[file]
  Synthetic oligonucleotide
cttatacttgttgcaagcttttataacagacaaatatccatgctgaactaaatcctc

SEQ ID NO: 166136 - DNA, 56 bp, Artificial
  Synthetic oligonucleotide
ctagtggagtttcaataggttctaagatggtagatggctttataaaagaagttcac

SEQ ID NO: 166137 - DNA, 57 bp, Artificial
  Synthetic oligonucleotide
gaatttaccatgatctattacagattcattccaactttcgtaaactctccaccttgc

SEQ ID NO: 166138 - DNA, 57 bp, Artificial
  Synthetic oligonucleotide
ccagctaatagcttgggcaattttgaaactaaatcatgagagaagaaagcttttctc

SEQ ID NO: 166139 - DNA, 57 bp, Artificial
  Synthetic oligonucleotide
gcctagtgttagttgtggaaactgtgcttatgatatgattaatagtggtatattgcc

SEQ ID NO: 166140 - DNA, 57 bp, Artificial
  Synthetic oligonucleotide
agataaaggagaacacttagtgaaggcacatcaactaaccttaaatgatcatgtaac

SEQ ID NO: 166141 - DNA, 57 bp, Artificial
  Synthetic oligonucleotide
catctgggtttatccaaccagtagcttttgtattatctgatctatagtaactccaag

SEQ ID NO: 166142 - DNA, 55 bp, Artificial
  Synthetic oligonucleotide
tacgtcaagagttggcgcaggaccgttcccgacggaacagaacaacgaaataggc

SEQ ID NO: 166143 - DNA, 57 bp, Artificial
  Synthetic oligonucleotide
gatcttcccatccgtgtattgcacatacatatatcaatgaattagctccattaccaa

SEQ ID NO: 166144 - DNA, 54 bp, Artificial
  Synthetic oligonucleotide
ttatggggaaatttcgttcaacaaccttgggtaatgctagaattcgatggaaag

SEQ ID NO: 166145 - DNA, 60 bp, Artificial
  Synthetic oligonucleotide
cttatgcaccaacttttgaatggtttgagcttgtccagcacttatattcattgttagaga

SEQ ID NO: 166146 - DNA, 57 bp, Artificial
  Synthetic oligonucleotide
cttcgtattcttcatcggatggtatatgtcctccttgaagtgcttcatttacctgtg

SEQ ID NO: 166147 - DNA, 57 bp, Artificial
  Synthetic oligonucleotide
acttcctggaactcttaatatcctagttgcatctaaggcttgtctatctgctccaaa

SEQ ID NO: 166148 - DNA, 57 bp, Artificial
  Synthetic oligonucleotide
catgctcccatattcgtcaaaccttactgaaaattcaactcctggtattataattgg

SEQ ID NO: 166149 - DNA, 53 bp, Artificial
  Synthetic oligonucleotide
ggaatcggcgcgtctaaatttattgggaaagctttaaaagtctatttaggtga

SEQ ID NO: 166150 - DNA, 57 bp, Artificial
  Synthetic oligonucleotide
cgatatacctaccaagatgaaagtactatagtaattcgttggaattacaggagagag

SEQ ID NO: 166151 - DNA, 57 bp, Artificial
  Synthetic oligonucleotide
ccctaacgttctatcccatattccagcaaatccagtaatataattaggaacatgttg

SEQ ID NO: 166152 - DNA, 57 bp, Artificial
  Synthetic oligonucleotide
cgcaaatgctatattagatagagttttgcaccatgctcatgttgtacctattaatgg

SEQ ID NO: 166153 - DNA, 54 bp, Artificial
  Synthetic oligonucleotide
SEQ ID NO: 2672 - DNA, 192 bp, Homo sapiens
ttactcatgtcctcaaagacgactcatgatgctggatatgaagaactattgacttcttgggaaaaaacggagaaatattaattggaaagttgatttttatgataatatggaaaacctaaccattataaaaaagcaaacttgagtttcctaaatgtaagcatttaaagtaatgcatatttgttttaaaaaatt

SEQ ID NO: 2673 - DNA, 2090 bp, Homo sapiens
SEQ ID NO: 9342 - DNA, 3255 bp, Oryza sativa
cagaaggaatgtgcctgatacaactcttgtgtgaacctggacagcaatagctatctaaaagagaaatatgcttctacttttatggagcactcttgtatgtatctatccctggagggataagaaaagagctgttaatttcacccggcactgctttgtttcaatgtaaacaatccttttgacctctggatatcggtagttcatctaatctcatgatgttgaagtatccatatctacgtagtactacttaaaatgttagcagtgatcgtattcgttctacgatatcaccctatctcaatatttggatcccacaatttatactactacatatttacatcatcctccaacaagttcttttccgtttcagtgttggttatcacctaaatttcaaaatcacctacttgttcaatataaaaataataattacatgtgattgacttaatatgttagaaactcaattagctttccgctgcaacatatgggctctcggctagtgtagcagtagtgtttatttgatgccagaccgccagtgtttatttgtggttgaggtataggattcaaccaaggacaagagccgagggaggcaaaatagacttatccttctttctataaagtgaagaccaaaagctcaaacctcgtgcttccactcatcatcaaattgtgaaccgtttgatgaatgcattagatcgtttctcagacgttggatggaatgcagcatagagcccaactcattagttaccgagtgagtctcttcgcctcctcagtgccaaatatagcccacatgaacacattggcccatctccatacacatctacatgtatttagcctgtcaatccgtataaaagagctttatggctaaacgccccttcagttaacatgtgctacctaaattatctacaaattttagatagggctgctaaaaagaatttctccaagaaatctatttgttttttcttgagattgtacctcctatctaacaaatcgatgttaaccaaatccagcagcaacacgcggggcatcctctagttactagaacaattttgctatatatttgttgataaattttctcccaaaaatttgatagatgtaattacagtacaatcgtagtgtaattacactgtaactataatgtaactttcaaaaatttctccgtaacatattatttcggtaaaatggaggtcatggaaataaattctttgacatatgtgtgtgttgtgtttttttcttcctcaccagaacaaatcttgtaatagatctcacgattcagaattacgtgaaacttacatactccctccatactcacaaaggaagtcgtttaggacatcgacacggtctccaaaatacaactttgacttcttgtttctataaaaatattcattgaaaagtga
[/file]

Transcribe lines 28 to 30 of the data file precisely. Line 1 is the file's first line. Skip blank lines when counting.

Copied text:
  Synthetic oligonucleotide
ttatggggaaatttcgttcaacaaccttgggtaatgctagaattcgatggaaag

SEQ ID NO: 166145 - DNA, 60 bp, Artificial